The Zen of Tom Walbank

How Jake and Elwood pushed a young English lad toward the blues

Tom Walbank, one of Tucson's most potent and thrilling blues players, first became entranced with the blues when he saw the movie The Blues Brothers, a turn of events that he realizes sounds a little silly.

"In these days of saturated media, when you can get Charley Patton albums at the drop of a hat, it might be comical to younger folks that I came through to the blues from that," Walbank chuckles.

The impressionable 15-year-old was living in his hometown in Devon. As in England. Not the Mississippi Delta, not Memphis, not Chicago.

And although Jake and Elwood Blues played mostly soul music in that film, there was a pivotal performance in it that inspired Walbank to pursue American blues.

"Just before they went into Aretha Franklin's restaurant on Maxwell Street in Chicago, there's a scene with John Lee Hooker, and that's the only blues song in the movie.

"My brother nearly killed me, because I stopped the film and was fast-forwarding through the video to get to the credits and to find out who this guy was. The next day, my brother bought me a John Lee Hooker record, and it was too heavy for me. It was just raw; it was adult shit, and I wasn't ready for it."

But Walbank went out and got a harmonica. "Which was another traumatic experience for me. I wandered into the music store, and I knew nothing about music, and I didn't know whether I should buy the foot-long harmonica or the one with 600 holes."

But a kind salesman suggested the right harp for playing the blues (a Hohner Marine Band, in the key of C), and eventually, his then-girlfriend, who became weary of hearing him play the same riffs over and over, suggested her musician father could share a few tips with Walbank. "She said, 'You're in the wrong key.' I said, 'What's a key?'"

Obviously, in addition to playing scintillating music, Walbank knows how to tell a great story. Another of his talents is art.

Walbank will celebrate the release of his latest CD, Arizona Burning, with a performance Saturday night, April 23, at the M.A.S.T. gallery. The event also is an art opening, presenting Walbank's new show, Centerville, which features his painted interpretations of stills from the 1969 Les Blank film The Blues Accordin' to Lightnin' Hopkins.

Released on his own 009 label, the new CD features re-recorded tracks from throughout his career, as well as four instrumental tracks he recorded for the score of the 2009 independent film Good Boy, directed by Tucsonan Patrick Roddy. The album also includes hints on several tunes of a new direction—mixing blues with Jamaican music such as rock steady and dub. Most notable is "Death Letter Dub," an interpretation of Son House's "Death Letter Blues."

He's also recorded a "sister album" to Arizona Burning, the songs of which are not yet mastered. But he has the material and artwork all collected.

Walbank's been a visual artist longer than he's been a musician.

"As soon as I could pick up a pen, I think, I started drawing." I wanted to be a cartoonist, and specifically to work for a comic book in England called 2000 A.D. It was very kind of subversive and punk-rock when punk rock was coming out."

He went to art college for a while. "And they made it very clear that they didn't think comic art was an art, so I dropped out. This is very different from how it is now; there are graduate courses in comic art now."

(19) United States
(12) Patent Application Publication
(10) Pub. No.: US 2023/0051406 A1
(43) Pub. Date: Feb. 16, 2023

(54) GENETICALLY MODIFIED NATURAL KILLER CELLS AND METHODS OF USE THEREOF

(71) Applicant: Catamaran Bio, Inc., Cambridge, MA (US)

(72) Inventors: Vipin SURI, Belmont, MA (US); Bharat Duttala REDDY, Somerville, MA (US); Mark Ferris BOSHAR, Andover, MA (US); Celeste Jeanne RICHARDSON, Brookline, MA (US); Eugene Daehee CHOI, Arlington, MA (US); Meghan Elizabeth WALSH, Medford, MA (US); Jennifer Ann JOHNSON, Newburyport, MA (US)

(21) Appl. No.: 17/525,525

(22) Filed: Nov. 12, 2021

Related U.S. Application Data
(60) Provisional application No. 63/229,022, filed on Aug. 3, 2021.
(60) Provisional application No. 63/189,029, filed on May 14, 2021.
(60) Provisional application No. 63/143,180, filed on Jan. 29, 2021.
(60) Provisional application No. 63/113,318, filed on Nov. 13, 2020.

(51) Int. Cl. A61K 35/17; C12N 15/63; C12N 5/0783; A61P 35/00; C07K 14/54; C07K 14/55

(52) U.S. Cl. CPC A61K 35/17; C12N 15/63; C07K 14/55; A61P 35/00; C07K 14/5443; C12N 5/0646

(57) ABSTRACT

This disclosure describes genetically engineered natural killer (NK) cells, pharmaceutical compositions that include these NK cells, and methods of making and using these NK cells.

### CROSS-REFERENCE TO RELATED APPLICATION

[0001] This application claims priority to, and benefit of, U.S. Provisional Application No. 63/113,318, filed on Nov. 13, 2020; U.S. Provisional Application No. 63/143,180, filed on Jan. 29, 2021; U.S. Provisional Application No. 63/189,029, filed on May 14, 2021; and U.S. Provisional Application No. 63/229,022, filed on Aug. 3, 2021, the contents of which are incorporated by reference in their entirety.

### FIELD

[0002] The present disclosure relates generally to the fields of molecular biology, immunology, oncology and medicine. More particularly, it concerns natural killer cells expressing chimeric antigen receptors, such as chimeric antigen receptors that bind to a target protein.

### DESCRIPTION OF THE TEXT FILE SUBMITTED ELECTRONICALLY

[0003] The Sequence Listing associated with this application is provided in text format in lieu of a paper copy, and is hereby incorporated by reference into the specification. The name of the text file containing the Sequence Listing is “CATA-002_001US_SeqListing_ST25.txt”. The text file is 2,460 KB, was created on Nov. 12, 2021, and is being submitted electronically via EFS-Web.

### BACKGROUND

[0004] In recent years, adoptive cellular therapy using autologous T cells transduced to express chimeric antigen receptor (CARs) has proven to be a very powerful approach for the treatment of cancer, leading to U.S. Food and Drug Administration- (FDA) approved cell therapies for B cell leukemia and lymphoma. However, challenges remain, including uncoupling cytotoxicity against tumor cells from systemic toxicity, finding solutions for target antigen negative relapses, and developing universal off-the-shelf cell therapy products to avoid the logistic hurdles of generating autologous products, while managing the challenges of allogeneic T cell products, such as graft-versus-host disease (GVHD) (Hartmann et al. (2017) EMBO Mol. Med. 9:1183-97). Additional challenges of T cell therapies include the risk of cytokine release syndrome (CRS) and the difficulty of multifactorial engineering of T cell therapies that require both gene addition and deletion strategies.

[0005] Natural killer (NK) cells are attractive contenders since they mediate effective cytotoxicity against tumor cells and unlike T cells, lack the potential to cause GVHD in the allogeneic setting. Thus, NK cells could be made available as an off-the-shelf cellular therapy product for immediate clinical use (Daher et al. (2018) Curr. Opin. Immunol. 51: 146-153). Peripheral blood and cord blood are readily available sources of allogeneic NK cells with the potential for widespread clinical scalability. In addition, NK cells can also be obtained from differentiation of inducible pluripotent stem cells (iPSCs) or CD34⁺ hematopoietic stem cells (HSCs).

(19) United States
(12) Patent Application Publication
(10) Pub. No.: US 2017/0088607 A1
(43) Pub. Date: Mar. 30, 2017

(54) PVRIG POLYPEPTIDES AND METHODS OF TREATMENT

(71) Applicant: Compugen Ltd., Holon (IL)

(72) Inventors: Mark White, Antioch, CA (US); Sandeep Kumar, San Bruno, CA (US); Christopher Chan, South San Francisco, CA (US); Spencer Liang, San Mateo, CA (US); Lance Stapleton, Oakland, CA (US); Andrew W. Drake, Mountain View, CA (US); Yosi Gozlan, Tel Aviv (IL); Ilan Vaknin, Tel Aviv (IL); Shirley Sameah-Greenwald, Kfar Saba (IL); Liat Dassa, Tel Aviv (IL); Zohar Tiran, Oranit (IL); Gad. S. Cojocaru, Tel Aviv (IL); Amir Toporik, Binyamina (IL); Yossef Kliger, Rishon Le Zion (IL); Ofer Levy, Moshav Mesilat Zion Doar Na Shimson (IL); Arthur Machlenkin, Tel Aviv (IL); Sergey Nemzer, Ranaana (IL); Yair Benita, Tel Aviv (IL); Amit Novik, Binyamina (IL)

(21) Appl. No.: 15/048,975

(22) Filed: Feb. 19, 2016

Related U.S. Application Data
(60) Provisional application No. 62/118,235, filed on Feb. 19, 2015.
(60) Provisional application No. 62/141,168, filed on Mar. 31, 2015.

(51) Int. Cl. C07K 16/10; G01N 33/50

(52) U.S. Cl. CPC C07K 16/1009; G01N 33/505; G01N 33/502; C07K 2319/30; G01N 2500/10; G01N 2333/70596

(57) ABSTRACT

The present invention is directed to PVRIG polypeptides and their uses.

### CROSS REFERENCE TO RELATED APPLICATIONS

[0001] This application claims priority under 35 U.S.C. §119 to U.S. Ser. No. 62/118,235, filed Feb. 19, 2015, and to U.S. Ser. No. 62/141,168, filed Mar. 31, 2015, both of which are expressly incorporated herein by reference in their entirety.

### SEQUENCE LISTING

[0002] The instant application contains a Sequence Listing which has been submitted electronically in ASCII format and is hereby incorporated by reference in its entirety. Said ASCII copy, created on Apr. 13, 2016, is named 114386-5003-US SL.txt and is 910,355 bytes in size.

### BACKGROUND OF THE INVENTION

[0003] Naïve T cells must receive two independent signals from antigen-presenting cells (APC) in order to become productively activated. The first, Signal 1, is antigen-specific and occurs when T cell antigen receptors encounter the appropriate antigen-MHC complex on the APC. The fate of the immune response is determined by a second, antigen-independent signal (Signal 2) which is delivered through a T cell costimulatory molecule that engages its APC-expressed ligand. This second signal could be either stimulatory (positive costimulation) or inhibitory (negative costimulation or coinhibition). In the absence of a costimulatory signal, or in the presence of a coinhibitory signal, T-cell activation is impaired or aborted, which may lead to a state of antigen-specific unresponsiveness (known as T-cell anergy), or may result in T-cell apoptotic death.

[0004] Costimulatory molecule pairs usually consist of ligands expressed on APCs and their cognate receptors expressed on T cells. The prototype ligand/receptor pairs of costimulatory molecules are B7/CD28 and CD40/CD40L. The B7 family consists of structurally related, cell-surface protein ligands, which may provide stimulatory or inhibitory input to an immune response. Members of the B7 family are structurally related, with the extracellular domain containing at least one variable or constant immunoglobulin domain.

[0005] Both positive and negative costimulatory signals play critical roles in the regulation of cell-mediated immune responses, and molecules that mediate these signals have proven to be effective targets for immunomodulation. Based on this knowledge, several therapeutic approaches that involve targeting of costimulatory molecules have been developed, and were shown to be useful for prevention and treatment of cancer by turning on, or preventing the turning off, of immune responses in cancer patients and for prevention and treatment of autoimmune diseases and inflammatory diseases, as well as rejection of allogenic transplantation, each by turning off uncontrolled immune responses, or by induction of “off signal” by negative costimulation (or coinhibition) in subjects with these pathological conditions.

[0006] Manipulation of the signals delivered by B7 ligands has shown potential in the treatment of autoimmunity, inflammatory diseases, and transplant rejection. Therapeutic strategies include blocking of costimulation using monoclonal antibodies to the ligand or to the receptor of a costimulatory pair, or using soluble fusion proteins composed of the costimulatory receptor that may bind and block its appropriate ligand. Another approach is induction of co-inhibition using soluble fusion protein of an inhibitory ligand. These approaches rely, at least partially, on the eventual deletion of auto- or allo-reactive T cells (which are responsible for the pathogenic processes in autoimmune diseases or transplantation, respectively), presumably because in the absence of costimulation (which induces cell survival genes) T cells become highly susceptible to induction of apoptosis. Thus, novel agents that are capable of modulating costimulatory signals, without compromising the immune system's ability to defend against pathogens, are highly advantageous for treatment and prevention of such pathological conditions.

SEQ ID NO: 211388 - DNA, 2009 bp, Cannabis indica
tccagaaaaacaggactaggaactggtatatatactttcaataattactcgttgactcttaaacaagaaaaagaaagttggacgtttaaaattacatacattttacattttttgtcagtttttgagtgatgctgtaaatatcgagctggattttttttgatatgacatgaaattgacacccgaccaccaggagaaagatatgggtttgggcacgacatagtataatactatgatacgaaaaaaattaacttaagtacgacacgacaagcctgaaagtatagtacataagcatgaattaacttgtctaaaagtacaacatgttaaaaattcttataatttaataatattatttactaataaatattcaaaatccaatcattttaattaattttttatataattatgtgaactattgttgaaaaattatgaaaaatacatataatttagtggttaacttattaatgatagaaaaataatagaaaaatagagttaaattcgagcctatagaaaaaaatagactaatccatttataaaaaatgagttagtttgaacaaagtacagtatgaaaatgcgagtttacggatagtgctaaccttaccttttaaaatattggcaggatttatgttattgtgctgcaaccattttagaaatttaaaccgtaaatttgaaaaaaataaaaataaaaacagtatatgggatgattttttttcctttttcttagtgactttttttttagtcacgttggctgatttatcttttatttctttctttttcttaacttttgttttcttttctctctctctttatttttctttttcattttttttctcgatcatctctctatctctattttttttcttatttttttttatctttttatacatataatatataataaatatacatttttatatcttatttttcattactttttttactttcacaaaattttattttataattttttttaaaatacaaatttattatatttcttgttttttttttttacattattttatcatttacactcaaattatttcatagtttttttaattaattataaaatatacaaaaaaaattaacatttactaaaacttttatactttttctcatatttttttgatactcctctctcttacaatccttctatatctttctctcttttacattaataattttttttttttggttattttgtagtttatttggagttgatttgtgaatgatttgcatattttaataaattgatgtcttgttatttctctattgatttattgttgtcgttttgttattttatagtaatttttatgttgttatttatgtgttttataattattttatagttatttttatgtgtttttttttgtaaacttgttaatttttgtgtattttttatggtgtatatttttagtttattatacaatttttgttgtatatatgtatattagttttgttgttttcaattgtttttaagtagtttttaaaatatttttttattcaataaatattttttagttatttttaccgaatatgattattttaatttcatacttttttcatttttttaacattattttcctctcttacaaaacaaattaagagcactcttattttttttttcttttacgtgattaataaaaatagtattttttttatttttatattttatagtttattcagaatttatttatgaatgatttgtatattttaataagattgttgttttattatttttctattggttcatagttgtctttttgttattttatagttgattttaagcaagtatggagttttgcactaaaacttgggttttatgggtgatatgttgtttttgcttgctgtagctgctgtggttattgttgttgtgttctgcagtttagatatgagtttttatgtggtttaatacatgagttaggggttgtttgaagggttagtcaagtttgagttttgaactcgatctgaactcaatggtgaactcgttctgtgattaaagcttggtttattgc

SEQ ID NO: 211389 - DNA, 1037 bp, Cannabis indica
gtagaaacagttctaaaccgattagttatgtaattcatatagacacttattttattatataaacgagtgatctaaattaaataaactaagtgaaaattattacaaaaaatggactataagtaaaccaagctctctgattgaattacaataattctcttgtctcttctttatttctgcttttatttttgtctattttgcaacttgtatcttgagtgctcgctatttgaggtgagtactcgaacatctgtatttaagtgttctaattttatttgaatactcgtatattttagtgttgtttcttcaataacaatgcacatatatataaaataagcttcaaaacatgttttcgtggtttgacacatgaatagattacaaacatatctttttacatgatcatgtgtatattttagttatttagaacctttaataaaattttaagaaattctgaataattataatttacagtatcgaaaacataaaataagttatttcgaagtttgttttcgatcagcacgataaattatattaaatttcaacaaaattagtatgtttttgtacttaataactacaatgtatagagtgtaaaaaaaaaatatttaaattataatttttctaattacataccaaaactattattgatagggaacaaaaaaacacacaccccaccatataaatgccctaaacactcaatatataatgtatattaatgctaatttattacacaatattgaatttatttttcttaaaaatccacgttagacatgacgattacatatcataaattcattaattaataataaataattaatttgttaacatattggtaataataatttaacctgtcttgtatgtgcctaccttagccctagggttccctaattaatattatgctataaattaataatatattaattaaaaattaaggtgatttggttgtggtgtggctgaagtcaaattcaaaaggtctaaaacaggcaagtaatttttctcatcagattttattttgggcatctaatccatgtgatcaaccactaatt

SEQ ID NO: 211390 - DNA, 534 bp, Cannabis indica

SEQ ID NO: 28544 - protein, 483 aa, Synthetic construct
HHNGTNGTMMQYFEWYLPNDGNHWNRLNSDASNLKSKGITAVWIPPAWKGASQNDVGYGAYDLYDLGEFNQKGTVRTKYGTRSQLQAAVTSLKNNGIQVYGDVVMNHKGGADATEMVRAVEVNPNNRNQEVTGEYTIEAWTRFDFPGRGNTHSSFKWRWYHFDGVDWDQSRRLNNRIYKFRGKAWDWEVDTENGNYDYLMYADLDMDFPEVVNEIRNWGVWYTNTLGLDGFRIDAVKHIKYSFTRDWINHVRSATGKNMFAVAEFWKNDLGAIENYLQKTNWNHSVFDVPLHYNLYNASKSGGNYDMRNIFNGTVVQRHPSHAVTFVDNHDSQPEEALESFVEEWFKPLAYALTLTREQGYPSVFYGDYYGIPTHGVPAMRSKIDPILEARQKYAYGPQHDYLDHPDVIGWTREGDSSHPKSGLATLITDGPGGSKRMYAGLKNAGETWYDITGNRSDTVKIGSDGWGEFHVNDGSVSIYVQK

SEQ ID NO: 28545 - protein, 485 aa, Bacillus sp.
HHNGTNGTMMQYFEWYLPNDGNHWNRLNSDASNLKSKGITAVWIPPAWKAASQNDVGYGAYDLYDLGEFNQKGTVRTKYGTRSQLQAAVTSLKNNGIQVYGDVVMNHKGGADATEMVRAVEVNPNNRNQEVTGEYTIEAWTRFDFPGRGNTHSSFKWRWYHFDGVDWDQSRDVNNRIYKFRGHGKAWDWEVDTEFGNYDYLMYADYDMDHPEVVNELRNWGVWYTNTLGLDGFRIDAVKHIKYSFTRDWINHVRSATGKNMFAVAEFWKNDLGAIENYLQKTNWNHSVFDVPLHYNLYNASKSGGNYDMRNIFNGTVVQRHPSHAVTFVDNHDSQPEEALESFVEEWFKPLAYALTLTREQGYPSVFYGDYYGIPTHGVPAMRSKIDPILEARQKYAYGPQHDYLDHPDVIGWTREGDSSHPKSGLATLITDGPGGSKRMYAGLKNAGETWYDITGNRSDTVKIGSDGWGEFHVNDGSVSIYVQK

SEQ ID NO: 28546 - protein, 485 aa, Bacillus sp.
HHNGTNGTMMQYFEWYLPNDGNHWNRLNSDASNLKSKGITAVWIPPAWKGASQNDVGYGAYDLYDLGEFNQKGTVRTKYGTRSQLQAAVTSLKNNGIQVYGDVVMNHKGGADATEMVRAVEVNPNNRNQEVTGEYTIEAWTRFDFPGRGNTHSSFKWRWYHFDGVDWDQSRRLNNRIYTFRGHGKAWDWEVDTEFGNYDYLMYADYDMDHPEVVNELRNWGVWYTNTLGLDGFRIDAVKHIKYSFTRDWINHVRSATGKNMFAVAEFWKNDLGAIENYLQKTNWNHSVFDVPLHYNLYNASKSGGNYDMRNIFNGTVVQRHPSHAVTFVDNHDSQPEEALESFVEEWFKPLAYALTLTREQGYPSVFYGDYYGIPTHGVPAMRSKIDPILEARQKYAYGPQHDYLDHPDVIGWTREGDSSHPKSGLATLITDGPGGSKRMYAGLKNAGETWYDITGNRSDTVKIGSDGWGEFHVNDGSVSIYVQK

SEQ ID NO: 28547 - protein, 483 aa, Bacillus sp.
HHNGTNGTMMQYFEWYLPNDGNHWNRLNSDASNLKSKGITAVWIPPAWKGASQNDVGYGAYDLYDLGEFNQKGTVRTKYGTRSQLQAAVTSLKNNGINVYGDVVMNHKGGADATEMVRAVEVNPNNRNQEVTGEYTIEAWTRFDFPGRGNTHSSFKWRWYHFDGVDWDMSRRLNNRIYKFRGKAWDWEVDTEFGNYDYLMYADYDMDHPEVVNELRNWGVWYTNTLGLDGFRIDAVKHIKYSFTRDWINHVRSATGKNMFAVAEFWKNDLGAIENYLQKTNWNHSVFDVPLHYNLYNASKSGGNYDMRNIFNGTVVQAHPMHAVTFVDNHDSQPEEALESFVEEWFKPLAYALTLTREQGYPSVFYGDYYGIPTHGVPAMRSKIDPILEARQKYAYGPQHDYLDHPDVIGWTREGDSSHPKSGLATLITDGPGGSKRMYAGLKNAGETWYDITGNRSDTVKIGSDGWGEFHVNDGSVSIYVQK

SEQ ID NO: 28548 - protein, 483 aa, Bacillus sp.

There's still a rebellious comic-art swagger in Walbank's paintings, especially his portraiture, although he works in many styles.

"In about 1990, when I could see my focus was going a little bit more on music, I started illustrating blues players, doing portraits, and I've got, like, 600 now."

Born 41 years ago in Somerset, Walbank grew up in a village nearby. He moved to Edinburgh, Scotland, when he was in his early 20s. "To do anything, I knew I had to move out of my town, and I had to move to a city, and I didn't want to move to London, because I knew I would just be swallowed up."

In the early 1990s in Edinburgh, he started playing harmonica with a couple of pals, under the influence of electric blues from Chicago. After that group broke up, he began singing with a guitarist named Steve O'Connor; they called themselves Hot Tamales. "We tossed a coin, and I was the one who ended up singing. That was probably the most terrifying thing I've ever done."

When he first came to the United States, he lived for a while in the San Francisco Bay area with his wife, Leia Maahs, to whom he has been married for 15 years. They moved to Tucson in 2000, and now their family includes a 5-month-old daughter.

He didn't really pick up a guitar until he came to the United States, Walbank says. "Tucson is pretty much where I got my act together, playing harp in a rack, guitar and singing. I started going to the 7 Black Cats, because there was an open-mic night back then, and eventually started meeting people and getting gigs."

He's got some deep-seated values about music. Most important is the song, and next is the rhythm. "I play guitar like a drum. I play harmonica like a drum as well, very rhythmically. If I get too far from the rhythm, I know I am doing something wrong."

He says one of the most exciting things about playing the blues—and music in general—is that every second represents a Zen-like choice.

"The fast songs are just to get people dancing. The hardest thing in blues is to play slow blues and to get that right. You know when the beats are going to drop; you know it's 12 bars, but you've got all that time to make the choice: Where exactly are you gonna put that note? How much stress are you gonna put on that note? If you don't make the right choice, it all falls apart."